Published on October 29, 2023, 8:49 pm

TLDR: Companies in Hong Kong are facing high turnover rates due to a wave of emigration, particularly affecting middle-ranking employees. Increasing salaries may not be a comprehensive solution, so organizations must assess the information left behind by departing staff and take appropriate action. There is an increased risk of data breaches or exposures caused by insiders, both malicious and compromised. Research indicates that there is significant data movement occurring prior to an employee's departure, highlighting potential risks associated with disgruntled employees. Balancing employee privacy and company data protection is essential, requiring organizations to be familiar with local laws and regulations regarding monitoring systems. Cloud migration and remote working present additional challenges for managing data security during turnover. Addressing these challenges requires prioritizing safeguarding valuable information while respecting privacy regulations.

Companies in Hong Kong are currently facing a major challenge: a wave of emigration that has led to turnover rates surpassing 20%. This exodus is particularly affecting middle-ranking employees and is causing significant disruptions within organizations. As the CEO of the Hong Kong General Chamber of Commerce, George Leung Siu-kay has shed light on this issue.

While increasing salaries might seem like a quick solution, it is not a comprehensive fix as not all organizations can afford to engage in a wage war. Both heads of departments and HR professionals are left grappling with the aftermath of staff departures. They must assess what information has been left behind, deliberate on whether it was taken intentionally or unintentionally, and determine the best course of action to restore business as usual.

The difficulty in recruiting the right talent is often cited by Human Resources and Chief Information Officers (CIOs). However, little attention is given to what happens when employees leave an organization and the potential access they have to sensitive information and data during their remaining days with the company—and even after that.

The Proofpoint 2023 Voice of the CISO report revealed that there is an increased expectation among CISOs that insiders, whether malicious or compromised, pose a higher risk of causing data breaches or exposures within the next year (43% believe malicious insiders would be responsible while 40% believe compromised insiders would be responsible). This suggests that more employees may be intentionally exposing data. In fact, 82% of CISOs reported that employees leaving their organization had contributed to data loss events.

Dagmawi Mulugeta, senior threat research engineer for Netskope APAC, conducted a study involving 58,000 people across 33 industries who left their jobs between July 2022 and April 2023. The study found that insurance had the highest number of flight-risk users at 17%, followed closely by technology at 16%. Additionally, the 2020 Securonix Insider Threat Report discovered that 60% of insider threat cases involved a flight risk user, with 2% of them stealing organizational data upon departure.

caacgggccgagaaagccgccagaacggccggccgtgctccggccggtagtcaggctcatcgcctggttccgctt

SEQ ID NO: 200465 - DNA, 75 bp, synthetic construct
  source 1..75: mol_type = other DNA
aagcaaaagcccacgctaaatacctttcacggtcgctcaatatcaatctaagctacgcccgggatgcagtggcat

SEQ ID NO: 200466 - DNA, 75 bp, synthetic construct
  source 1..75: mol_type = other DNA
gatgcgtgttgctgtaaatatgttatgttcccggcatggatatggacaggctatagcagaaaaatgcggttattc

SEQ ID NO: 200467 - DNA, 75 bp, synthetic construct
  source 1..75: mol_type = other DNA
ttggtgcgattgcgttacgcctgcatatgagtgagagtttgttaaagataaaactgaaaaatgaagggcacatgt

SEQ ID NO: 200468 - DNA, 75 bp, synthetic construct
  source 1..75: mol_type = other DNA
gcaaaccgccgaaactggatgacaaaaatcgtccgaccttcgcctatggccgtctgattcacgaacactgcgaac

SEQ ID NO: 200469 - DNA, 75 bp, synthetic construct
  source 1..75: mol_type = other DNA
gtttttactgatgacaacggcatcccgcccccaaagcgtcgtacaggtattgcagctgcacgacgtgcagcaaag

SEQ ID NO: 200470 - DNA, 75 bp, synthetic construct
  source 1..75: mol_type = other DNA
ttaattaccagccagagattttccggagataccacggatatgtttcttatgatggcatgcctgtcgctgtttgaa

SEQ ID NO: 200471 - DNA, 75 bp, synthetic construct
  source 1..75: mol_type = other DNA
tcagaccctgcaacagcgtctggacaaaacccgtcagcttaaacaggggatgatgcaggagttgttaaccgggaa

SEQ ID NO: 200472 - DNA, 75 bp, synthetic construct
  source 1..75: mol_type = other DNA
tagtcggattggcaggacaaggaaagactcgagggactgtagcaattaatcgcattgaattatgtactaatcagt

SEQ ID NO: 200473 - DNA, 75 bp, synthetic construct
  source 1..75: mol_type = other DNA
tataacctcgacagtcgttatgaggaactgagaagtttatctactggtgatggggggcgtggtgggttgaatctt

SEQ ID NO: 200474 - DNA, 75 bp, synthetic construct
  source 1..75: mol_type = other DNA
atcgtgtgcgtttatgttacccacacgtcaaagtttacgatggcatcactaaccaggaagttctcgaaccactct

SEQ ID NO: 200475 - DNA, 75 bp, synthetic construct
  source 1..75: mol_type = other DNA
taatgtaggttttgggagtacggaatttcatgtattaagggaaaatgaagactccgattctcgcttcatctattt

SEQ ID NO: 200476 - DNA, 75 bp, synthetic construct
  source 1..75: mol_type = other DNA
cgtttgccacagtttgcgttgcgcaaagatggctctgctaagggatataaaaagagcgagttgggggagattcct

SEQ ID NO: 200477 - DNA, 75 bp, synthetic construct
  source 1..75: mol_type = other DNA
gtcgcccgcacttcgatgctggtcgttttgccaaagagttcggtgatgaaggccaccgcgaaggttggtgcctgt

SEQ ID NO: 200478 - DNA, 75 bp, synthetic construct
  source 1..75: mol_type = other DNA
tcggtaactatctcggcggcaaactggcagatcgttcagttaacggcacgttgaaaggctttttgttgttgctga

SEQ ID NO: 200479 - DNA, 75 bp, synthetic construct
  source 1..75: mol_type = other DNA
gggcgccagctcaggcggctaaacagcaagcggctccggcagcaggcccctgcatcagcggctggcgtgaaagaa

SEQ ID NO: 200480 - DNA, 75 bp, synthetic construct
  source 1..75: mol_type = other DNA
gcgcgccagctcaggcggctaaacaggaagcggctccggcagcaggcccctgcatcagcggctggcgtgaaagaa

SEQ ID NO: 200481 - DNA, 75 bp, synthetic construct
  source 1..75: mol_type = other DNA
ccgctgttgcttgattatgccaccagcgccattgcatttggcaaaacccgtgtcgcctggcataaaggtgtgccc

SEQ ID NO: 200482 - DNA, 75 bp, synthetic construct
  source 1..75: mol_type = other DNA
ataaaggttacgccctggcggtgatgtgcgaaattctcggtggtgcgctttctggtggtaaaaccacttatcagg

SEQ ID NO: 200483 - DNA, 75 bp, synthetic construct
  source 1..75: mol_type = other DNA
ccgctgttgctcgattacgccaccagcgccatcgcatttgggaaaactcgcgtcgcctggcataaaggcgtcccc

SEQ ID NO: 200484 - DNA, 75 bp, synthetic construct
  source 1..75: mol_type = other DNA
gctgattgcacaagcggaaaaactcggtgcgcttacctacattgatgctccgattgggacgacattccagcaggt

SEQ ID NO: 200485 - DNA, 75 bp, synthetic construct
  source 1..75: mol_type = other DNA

When it comes to managing data security in the face of employee turnover, Mulugeta identified three critical indicators: the nature, direction, and volume of data. Monitoring for policy violations through introspective analysis of files can help organizations identify potential data violators.

Mulugeta also highlighted the security issues that arise from disgruntled employees. Research indicates a high level of data movement occurring approximately 50 days prior to an employee’s departure. This pattern is concerning, signaling potential risks associated with employees leaving organizations.

Nevertheless, Mulugeta stressed the importance of balancing employee privacy and company data protection. Organizations must be familiar with local laws and regulations regarding monitoring systems to ensure compliance while being transparent about monitoring sensitive data and privacy elements within company resources.

Cloud migration and remote working present additional challenges for organizations. Identifying threats within large-scale cloud environments becomes especially challenging when multiple cloud applications are involved.

Overall, there are several pressing questions that need addressing:
1. Is the data left behind by departing employees safe?
2. How can companies effectively manage data security during times of turnover?
3. What security threats do disgruntled employees pose to organizations?
4. Are companies breaching privacy laws through monitoring potential leavers?
5. What other challenges do companies face following mass layoffs or influxes of new hires?

As Hong Kong grapples with these issues, it is essential for organizations to prioritize safeguarding their valuable information while respecting privacy regulations. By adopting proper security measures and closely monitoring data movements, businesses can navigate the complexities surrounding staff turnover successfully.

For more insights on how organizations can address these challenges related to staff turnover, listen to Dagmawi Mulugeta’s take on PodChats for FutureCIO: Picking up the data after staff turnover.

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